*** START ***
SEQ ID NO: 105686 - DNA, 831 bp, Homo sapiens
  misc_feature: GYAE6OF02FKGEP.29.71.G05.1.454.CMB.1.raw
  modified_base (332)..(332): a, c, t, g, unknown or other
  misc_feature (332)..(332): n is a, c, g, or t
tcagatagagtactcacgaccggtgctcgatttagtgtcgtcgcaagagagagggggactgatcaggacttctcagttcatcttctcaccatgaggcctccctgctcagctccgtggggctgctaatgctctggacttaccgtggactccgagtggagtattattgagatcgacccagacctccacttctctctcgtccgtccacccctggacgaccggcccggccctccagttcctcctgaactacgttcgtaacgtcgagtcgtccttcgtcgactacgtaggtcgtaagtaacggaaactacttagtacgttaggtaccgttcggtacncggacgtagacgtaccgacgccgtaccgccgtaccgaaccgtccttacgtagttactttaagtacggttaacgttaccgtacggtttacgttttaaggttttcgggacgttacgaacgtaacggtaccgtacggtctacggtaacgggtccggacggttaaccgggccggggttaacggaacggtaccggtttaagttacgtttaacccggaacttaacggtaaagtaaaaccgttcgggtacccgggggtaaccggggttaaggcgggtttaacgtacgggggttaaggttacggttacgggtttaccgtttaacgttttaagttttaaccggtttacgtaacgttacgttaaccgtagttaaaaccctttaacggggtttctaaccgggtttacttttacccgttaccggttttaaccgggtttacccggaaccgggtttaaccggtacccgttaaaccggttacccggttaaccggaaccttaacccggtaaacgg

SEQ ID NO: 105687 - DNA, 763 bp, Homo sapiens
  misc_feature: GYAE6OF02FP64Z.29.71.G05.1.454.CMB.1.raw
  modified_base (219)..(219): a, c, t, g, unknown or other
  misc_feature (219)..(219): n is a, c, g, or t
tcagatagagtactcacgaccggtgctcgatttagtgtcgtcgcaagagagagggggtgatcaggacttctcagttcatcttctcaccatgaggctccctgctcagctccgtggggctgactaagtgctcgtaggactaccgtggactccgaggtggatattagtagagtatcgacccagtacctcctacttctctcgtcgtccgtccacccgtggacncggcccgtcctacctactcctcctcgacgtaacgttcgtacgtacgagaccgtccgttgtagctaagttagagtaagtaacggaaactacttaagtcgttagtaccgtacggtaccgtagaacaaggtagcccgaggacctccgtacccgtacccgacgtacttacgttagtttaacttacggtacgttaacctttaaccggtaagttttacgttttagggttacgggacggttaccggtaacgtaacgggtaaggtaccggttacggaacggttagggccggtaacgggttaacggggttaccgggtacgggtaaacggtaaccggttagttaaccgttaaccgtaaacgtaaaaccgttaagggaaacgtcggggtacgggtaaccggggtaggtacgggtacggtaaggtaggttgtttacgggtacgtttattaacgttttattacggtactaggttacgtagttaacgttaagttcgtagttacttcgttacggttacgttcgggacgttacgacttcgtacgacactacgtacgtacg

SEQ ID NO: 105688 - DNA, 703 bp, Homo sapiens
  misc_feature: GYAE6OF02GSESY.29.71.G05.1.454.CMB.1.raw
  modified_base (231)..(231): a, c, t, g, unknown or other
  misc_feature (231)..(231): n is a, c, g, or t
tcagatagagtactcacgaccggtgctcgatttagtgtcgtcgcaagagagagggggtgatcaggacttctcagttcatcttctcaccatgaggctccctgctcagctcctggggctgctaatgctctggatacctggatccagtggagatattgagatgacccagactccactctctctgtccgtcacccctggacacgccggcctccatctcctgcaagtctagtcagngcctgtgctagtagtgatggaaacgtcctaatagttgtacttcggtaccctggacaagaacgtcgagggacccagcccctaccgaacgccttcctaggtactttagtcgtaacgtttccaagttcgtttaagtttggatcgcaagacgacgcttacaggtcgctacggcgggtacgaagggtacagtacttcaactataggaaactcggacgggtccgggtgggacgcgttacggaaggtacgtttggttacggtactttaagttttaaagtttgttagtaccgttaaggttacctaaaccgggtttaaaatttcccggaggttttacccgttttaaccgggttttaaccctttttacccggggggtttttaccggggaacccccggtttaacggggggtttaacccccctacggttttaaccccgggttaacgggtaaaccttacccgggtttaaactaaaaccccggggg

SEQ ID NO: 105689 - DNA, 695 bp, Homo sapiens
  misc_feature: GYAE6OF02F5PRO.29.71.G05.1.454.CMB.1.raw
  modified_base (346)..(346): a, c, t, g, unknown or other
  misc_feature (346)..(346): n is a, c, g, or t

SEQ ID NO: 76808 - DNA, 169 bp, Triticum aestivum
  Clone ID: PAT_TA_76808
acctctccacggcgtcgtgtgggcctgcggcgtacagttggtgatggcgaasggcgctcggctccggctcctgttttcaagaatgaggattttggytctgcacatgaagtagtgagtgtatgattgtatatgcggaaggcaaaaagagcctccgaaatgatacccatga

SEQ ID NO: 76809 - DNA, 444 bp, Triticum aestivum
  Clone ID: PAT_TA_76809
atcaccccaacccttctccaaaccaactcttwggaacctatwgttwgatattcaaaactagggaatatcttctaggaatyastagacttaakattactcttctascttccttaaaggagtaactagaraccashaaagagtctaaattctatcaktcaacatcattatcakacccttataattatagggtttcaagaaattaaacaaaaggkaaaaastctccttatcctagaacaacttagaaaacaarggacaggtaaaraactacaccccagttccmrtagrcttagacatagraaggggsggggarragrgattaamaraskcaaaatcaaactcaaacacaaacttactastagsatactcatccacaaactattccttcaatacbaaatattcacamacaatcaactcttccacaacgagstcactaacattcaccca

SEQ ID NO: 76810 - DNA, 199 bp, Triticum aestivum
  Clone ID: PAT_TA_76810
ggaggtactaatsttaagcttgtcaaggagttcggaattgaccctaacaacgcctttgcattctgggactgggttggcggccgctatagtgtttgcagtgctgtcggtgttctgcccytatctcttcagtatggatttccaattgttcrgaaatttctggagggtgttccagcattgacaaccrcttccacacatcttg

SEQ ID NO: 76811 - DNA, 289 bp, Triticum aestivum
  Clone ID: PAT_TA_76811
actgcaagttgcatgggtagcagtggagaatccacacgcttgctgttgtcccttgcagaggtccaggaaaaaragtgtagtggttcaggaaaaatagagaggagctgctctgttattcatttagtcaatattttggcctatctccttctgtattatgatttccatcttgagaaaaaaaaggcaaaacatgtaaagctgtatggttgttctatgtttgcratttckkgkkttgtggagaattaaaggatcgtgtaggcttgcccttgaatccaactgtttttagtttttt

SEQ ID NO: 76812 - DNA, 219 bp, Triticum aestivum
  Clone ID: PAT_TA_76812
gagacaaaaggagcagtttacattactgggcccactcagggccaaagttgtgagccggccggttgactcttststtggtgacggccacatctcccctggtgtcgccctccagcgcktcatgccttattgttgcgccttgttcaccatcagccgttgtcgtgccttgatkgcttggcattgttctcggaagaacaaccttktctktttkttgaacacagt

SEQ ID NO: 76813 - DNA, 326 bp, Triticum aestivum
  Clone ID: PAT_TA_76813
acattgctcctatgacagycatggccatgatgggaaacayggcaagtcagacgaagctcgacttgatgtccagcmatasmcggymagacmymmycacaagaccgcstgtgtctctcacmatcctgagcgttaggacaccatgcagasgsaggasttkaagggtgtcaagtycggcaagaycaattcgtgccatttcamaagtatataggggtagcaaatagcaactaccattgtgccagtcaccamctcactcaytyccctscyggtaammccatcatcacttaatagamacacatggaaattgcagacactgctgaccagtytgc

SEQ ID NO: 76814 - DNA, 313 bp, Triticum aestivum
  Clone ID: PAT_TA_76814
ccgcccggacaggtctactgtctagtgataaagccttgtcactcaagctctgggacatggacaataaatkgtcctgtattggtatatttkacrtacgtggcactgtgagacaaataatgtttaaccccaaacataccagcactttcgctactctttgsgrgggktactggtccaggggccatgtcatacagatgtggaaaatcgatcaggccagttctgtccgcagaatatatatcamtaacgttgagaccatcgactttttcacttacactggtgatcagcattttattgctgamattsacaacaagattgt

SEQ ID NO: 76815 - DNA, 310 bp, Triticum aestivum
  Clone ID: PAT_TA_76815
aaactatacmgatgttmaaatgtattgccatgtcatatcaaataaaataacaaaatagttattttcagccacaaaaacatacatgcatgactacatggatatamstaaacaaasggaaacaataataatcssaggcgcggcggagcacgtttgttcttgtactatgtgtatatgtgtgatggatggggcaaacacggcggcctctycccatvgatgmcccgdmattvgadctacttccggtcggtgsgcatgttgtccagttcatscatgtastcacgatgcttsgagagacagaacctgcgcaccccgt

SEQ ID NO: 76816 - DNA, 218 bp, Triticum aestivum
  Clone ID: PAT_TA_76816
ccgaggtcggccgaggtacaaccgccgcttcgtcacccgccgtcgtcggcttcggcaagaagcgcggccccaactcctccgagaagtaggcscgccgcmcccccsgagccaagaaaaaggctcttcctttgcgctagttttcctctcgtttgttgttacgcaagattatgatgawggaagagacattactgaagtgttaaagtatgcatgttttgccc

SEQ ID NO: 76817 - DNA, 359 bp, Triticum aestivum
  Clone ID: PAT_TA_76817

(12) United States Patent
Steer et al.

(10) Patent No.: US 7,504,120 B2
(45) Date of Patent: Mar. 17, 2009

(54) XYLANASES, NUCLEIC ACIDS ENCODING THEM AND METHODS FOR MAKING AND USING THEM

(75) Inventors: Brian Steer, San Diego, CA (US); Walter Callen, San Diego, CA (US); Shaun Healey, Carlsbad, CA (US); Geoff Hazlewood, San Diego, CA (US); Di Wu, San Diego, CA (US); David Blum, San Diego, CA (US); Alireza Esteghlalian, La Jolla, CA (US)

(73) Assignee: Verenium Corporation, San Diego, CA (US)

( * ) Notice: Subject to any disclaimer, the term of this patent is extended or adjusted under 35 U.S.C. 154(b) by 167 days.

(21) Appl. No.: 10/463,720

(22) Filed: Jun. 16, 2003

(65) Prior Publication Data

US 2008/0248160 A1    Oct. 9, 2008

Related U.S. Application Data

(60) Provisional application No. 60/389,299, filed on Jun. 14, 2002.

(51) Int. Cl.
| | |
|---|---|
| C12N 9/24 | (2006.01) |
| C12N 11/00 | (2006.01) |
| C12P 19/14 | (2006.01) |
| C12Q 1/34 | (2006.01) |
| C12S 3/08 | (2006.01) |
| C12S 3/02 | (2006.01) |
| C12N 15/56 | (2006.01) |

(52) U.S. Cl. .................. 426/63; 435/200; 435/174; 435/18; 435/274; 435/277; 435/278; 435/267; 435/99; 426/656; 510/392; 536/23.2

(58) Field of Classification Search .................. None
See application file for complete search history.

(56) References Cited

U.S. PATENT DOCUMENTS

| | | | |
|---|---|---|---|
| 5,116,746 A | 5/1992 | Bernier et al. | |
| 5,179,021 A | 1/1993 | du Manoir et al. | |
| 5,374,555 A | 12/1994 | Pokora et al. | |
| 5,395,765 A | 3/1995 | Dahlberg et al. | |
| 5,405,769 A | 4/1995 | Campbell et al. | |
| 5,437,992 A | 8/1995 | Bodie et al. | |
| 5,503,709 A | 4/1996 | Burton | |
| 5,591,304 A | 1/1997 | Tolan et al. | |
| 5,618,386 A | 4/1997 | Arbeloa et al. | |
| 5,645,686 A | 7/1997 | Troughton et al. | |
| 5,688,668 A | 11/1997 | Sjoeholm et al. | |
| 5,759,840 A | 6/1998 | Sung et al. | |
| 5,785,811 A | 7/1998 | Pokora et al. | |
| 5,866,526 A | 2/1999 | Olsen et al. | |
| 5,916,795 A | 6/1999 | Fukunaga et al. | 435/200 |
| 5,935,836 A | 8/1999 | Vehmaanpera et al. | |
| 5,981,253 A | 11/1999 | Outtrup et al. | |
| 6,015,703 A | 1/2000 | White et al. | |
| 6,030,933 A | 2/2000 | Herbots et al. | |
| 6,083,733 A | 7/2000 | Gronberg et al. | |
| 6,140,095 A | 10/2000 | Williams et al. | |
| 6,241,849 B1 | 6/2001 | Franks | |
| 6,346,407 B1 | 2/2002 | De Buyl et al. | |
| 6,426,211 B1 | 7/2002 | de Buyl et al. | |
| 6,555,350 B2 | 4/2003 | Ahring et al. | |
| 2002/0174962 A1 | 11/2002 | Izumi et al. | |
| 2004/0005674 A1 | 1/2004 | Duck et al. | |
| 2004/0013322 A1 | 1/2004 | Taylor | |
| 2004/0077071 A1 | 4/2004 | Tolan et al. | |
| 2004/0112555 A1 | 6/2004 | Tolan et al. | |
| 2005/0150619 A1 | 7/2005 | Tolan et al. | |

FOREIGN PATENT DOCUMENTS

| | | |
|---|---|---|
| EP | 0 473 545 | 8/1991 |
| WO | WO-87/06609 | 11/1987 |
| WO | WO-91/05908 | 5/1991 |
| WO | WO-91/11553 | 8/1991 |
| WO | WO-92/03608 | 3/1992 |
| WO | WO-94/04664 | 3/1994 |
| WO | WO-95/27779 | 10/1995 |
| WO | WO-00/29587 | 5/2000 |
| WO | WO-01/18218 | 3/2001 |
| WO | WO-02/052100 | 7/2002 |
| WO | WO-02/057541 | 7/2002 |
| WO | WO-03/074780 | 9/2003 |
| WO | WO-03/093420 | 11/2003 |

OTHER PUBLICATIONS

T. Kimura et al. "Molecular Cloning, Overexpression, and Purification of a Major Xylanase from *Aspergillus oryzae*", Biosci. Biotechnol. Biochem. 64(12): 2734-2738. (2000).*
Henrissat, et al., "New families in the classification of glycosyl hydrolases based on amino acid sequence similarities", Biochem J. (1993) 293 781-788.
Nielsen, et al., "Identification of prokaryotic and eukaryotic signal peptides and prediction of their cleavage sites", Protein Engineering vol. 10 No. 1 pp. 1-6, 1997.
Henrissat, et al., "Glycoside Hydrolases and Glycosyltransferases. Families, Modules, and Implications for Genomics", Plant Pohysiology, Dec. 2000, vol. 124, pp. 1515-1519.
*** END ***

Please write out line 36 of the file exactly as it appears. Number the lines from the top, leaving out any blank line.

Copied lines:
  Clone ID: PAT_TA_76813